Recent years have seen tens of thousands of foreign speculators buying houses and driving up prices in various cities of New Zealand causing prices of properties to increase much higher that the salaries of New Zealanders, making the possibility of owning their first home out of reach for more and more New Zealanders.
New Zealand house prices have surged in recent years, driving the average value in biggest city Auckland to more than NZ$1 million (S$932,000) and putting property out of reach for many younger Kiwis. The law change will bring New Zealand into line with other countries including neighbour Australia, where non-residents are also restricted from buying homes unless they are newly built.
Current investors who owns existing properties in New Zealand may receive a lower valuation in their properties as cash rich foreigners will no longer be able to buy these existing properties from early next year and these investor sellers can only sell to the locals in New Zealand.
In particular are speculators and property buyers from mainland China who poured in more than NZ$10 billion over the last few years to snap up vast plots of land, houses and buildings. In fact, other than New Zealand, Chinese money has pushed up home prices around the world, stoking concern among locals in cities from Vancouver to Sydney.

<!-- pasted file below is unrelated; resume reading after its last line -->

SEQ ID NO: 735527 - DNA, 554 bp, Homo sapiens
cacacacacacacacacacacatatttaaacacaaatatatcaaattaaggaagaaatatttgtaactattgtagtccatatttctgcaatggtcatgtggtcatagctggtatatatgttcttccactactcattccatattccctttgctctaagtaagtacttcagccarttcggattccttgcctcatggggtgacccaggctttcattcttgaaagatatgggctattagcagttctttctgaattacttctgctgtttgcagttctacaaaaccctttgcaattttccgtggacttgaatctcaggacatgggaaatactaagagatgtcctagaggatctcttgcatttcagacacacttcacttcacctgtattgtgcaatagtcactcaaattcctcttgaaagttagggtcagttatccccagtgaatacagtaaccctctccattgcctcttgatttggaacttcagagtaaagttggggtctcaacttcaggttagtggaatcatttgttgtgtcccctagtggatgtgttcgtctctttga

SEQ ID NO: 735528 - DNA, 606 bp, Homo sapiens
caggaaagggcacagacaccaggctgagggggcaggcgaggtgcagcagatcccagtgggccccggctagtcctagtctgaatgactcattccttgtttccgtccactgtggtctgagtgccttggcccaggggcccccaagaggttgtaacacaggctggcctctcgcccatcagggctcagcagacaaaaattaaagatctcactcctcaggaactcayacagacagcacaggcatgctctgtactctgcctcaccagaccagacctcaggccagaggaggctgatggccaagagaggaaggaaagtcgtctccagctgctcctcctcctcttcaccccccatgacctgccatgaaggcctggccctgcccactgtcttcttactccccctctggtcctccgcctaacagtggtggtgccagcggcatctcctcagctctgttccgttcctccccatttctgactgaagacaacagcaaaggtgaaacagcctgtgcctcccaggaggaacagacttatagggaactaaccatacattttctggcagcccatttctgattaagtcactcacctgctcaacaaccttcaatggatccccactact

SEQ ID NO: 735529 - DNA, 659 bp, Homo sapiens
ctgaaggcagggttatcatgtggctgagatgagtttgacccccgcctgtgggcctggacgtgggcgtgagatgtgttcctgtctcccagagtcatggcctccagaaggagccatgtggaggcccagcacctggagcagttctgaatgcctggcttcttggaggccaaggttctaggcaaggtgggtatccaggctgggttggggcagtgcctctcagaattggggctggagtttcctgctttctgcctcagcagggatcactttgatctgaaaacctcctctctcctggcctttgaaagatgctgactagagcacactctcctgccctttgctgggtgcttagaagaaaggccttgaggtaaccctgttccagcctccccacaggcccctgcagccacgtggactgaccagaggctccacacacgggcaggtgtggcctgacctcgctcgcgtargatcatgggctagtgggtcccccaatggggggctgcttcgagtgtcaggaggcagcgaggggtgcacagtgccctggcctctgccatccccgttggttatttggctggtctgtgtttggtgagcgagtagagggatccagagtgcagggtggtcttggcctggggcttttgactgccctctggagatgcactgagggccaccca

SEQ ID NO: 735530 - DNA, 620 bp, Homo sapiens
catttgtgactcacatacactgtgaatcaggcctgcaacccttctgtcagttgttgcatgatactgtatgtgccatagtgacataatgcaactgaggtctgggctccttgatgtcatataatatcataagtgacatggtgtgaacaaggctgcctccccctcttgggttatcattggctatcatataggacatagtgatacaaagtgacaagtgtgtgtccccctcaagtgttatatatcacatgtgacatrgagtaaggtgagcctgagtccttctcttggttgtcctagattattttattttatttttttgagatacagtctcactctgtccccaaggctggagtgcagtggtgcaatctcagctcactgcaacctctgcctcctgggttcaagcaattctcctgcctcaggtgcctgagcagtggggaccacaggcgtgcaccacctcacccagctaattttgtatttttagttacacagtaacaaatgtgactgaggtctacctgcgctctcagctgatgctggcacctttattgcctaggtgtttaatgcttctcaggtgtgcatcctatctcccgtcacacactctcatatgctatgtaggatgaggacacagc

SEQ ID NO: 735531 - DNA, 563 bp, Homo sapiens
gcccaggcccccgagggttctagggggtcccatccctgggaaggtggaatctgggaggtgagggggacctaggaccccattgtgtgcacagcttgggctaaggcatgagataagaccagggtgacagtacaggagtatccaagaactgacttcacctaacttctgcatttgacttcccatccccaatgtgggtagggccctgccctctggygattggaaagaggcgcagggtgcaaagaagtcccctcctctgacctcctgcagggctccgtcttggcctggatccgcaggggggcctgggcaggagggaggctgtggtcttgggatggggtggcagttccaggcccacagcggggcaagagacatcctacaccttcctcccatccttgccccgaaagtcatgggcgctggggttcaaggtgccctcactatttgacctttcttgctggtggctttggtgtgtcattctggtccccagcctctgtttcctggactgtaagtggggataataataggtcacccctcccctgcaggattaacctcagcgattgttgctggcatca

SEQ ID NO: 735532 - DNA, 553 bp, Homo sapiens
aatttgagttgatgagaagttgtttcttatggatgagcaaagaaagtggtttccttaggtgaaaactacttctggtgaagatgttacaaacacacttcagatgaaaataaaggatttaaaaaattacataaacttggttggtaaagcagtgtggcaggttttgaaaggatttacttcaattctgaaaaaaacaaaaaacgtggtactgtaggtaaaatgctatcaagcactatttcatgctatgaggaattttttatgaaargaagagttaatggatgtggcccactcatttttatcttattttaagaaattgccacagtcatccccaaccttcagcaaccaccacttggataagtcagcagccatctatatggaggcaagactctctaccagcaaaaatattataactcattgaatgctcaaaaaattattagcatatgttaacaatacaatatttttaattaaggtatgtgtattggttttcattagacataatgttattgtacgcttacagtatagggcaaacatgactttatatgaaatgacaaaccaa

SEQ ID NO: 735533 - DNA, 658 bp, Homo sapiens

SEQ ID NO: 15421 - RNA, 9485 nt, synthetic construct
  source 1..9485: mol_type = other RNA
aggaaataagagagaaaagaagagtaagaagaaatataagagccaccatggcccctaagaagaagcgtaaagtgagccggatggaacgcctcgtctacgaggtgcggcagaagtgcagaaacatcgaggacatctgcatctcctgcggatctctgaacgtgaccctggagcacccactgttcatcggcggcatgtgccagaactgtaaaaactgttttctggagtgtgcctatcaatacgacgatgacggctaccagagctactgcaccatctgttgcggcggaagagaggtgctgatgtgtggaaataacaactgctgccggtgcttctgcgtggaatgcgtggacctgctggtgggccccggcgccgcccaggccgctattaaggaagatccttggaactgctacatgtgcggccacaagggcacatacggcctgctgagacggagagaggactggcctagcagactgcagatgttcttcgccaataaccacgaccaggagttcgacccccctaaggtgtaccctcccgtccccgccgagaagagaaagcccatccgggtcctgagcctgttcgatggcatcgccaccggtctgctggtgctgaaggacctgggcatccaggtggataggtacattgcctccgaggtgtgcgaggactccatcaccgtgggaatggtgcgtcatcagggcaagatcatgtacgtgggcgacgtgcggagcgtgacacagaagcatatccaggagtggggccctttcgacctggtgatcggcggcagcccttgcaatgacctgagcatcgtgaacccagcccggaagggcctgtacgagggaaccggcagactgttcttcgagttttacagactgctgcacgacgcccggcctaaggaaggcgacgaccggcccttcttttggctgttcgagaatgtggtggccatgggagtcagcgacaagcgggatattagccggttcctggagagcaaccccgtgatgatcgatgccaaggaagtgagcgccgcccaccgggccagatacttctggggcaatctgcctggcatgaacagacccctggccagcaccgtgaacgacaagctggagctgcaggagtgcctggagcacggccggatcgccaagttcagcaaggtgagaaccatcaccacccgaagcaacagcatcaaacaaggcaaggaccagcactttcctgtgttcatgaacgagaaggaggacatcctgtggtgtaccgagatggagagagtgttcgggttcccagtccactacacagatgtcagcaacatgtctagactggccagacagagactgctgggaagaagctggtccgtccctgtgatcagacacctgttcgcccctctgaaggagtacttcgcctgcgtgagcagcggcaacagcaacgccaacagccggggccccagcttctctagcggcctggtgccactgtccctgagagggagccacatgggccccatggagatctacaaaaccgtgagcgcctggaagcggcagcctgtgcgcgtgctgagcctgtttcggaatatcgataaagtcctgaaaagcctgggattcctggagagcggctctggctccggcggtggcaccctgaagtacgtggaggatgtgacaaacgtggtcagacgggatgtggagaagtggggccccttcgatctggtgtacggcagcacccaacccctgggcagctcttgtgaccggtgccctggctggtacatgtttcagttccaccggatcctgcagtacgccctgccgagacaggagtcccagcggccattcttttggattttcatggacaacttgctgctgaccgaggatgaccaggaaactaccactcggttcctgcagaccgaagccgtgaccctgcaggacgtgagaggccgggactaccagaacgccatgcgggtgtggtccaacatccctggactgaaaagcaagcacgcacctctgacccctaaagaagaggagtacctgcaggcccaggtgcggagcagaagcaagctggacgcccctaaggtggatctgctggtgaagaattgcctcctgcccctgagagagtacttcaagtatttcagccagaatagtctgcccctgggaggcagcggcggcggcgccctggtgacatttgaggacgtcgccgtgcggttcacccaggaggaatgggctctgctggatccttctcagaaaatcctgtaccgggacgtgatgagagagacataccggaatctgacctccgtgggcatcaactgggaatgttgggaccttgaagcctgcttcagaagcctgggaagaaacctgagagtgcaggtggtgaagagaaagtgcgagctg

New Zealand is considered as one of the favoured country for the rich to buy an oasis to retreat to annually. The New Zealand government believes this policy will solve a political problem and put a cap on rising home prices in New Zealand.
The new government, being less than a month old plans to introduce the foreigner property legislation before Christmas and pass the law early next year, before the Trans Pacific Partnership (TPP) is ratified. She said it then won't breach any trade agreements expect the Singapore Closer Economic Partnership, which would be worked through with Singapore as the proposed change means New Zealand can move its focus away from land issues at the negotiating table at Apec.
New Zealand still has concerns about Investor State Dispute Settlement clauses in the TPP, as these confer "greater rights on multi-national companies investing in New Zealand than a New Zealand company has" and the government plans to amend the ISDS provisions of TPP and oppose ISDS in any future free trade agreements.